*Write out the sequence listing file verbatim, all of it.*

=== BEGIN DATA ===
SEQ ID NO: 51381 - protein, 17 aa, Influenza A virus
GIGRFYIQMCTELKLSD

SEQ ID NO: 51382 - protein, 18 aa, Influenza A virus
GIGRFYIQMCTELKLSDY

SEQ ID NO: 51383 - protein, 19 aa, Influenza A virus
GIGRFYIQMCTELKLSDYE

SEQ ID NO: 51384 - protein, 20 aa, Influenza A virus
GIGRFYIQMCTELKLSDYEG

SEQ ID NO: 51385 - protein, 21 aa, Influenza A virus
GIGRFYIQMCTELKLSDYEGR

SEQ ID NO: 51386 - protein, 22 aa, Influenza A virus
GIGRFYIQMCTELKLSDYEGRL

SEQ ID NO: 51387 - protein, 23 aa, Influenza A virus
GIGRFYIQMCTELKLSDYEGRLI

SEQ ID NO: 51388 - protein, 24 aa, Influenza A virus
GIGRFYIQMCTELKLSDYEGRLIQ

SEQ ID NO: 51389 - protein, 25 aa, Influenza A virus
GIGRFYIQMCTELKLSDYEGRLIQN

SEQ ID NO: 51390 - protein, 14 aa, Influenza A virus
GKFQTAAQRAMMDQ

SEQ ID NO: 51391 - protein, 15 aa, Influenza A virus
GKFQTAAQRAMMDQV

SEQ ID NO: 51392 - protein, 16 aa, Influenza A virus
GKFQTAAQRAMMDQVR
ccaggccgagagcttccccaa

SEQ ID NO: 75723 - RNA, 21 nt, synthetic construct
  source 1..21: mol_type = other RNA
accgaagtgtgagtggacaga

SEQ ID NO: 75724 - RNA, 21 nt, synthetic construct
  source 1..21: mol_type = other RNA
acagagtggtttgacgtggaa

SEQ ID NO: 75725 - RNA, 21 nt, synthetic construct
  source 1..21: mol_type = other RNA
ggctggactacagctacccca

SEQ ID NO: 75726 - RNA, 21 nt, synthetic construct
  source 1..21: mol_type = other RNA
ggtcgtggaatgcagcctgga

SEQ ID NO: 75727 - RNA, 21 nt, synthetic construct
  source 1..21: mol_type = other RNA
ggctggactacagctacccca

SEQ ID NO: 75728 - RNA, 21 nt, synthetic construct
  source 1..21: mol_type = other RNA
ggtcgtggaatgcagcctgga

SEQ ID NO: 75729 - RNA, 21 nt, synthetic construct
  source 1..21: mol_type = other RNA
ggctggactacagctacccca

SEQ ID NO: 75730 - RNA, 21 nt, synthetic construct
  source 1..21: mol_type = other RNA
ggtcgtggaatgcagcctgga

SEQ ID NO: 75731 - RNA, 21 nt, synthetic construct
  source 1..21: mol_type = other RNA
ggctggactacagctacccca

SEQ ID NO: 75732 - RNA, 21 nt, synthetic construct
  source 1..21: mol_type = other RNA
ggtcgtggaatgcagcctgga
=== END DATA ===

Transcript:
SEQ ID NO: 51381 - protein, 17 aa, Influenza A virus
GIGRFYIQMCTELKLSD

SEQ ID NO: 51382 - protein, 18 aa, Influenza A virus
GIGRFYIQMCTELKLSDY

SEQ ID NO: 51383 - protein, 19 aa, Influenza A virus
GIGRFYIQMCTELKLSDYE

SEQ ID NO: 51384 - protein, 20 aa, Influenza A virus
GIGRFYIQMCTELKLSDYEG

SEQ ID NO: 51385 - protein, 21 aa, Influenza A virus
GIGRFYIQMCTELKLSDYEGR

SEQ ID NO: 51386 - protein, 22 aa, Influenza A virus
GIGRFYIQMCTELKLSDYEGRL

SEQ ID NO: 51387 - protein, 23 aa, Influenza A virus
GIGRFYIQMCTELKLSDYEGRLI

SEQ ID NO: 51388 - protein, 24 aa, Influenza A virus
GIGRFYIQMCTELKLSDYEGRLIQ

SEQ ID NO: 51389 - protein, 25 aa, Influenza A virus
GIGRFYIQMCTELKLSDYEGRLIQN

SEQ ID NO: 51390 - protein, 14 aa, Influenza A virus
GKFQTAAQRAMMDQ

SEQ ID NO: 51391 - protein, 15 aa, Influenza A virus
GKFQTAAQRAMMDQV

SEQ ID NO: 51392 - protein, 16 aa, Influenza A virus
GKFQTAAQRAMMDQVR
ccaggccgagagcttccccaa

SEQ ID NO: 75723 - RNA, 21 nt, synthetic construct
  source 1..21: mol_type = other RNA
accgaagtgtgagtggacaga

SEQ ID NO: 75724 - RNA, 21 nt, synthetic construct
  source 1..21: mol_type = other RNA
acagagtggtttgacgtggaa

SEQ ID NO: 75725 - RNA, 21 nt, synthetic construct
  source 1..21: mol_type = other RNA
ggctggactacagctacccca

SEQ ID NO: 75726 - RNA, 21 nt, synthetic construct
  source 1..21: mol_type = other RNA
ggtcgtggaatgcagcctgga

SEQ ID NO: 75727 - RNA, 21 nt, synthetic construct
  source 1..21: mol_type = other RNA
ggctggactacagctacccca

SEQ ID NO: 75728 - RNA, 21 nt, synthetic construct
  source 1..21: mol_type = other RNA
ggtcgtggaatgcagcctgga

SEQ ID NO: 75729 - RNA, 21 nt, synthetic construct
  source 1..21: mol_type = other RNA
ggctggactacagctacccca

SEQ ID NO: 75730 - RNA, 21 nt, synthetic construct
  source 1..21: mol_type = other RNA
ggtcgtggaatgcagcctgga

SEQ ID NO: 75731 - RNA, 21 nt, synthetic construct
  source 1..21: mol_type = other RNA
ggctggactacagctacccca

SEQ ID NO: 75732 - RNA, 21 nt, synthetic construct
  source 1..21: mol_type = other RNA
ggtcgtggaatgcagcctgga